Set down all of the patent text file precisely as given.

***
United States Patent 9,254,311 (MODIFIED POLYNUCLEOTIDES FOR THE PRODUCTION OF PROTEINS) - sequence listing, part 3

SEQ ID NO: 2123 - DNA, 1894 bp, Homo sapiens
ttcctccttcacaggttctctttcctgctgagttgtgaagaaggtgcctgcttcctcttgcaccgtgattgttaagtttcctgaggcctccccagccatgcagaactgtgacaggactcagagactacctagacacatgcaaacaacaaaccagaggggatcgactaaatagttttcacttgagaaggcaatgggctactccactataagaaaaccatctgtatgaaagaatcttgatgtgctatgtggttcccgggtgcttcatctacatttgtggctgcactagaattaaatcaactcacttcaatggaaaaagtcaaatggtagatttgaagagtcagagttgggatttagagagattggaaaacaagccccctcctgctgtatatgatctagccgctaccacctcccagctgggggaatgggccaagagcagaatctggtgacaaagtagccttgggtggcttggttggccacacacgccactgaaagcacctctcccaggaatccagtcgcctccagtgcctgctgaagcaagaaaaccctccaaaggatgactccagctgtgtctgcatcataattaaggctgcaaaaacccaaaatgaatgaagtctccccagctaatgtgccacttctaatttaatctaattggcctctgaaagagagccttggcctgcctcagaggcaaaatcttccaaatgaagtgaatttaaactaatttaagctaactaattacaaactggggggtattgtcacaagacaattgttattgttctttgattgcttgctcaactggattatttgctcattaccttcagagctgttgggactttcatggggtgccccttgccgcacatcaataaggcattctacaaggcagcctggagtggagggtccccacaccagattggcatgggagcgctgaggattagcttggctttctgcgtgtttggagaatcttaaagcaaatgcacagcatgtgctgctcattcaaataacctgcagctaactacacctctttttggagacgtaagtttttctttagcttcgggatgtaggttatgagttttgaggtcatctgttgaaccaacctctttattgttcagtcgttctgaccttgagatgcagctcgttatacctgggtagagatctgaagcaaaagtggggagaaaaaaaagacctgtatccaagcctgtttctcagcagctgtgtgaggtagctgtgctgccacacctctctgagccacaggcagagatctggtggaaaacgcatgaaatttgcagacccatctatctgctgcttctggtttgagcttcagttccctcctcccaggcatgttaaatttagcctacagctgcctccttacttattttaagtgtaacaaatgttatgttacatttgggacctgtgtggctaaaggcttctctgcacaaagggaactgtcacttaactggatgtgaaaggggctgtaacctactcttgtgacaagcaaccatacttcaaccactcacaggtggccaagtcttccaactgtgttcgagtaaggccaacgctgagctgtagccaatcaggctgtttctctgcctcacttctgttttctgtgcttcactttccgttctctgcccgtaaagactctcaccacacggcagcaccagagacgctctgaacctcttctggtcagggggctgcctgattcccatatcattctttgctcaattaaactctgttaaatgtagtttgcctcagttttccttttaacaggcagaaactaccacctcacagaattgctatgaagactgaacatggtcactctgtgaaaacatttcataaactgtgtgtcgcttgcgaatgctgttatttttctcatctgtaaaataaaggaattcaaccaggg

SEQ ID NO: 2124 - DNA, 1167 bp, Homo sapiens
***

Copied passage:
United States Patent 9,254,311 (MODIFIED POLYNUCLEOTIDES FOR THE PRODUCTION OF PROTEINS) - sequence listing, part 3

SEQ ID NO: 2123 - DNA, 1894 bp, Homo sapiens
ttcctccttcacaggttctctttcctgctgagttgtgaagaaggtgcctgcttcctcttgcaccgtgattgttaagtttcctgaggcctccccagccatgcagaactgtgacaggactcagagactacctagacacatgcaaacaacaaaccagaggggatcgactaaatagttttcacttgagaaggcaatgggctactccactataagaaaaccatctgtatgaaagaatcttgatgtgctatgtggttcccgggtgcttcatctacatttgtggctgcactagaattaaatcaactcacttcaatggaaaaagtcaaatggtagatttgaagagtcagagttgggatttagagagattggaaaacaagccccctcctgctgtatatgatctagccgctaccacctcccagctgggggaatgggccaagagcagaatctggtgacaaagtagccttgggtggcttggttggccacacacgccactgaaagcacctctcccaggaatccagtcgcctccagtgcctgctgaagcaagaaaaccctccaaaggatgactccagctgtgtctgcatcataattaaggctgcaaaaacccaaaatgaatgaagtctccccagctaatgtgccacttctaatttaatctaattggcctctgaaagagagccttggcctgcctcagaggcaaaatcttccaaatgaagtgaatttaaactaatttaagctaactaattacaaactggggggtattgtcacaagacaattgttattgttctttgattgcttgctcaactggattatttgctcattaccttcagagctgttgggactttcatggggtgccccttgccgcacatcaataaggcattctacaaggcagcctggagtggagggtccccacaccagattggcatgggagcgctgaggattagcttggctttctgcgtgtttggagaatcttaaagcaaatgcacagcatgtgctgctcattcaaataacctgcagctaactacacctctttttggagacgtaagtttttctttagcttcgggatgtaggttatgagttttgaggtcatctgttgaaccaacctctttattgttcagtcgttctgaccttgagatgcagctcgttatacctgggtagagatctgaagcaaaagtggggagaaaaaaaagacctgtatccaagcctgtttctcagcagctgtgtgaggtagctgtgctgccacacctctctgagccacaggcagagatctggtggaaaacgcatgaaatttgcagacccatctatctgctgcttctggtttgagcttcagttccctcctcccaggcatgttaaatttagcctacagctgcctccttacttattttaagtgtaacaaatgttatgttacatttgggacctgtgtggctaaaggcttctctgcacaaagggaactgtcacttaactggatgtgaaaggggctgtaacctactcttgtgacaagcaaccatacttcaaccactcacaggtggccaagtcttccaactgtgttcgagtaaggccaacgctgagctgtagccaatcaggctgtttctctgcctcacttctgttttctgtgcttcactttccgttctctgcccgtaaagactctcaccacacggcagcaccagagacgctctgaacctcttctggtcagggggctgcctgattcccatatcattctttgctcaattaaactctgttaaatgtagtttgcctcagttttccttttaacaggcagaaactaccacctcacagaattgctatgaagactgaacatggtcactctgtgaaaacatttcataaactgtgtgtcgcttgcgaatgctgttatttttctcatctgtaaaataaaggaattcaaccaggg

SEQ ID NO: 2124 - DNA, 1167 bp, Homo sapiens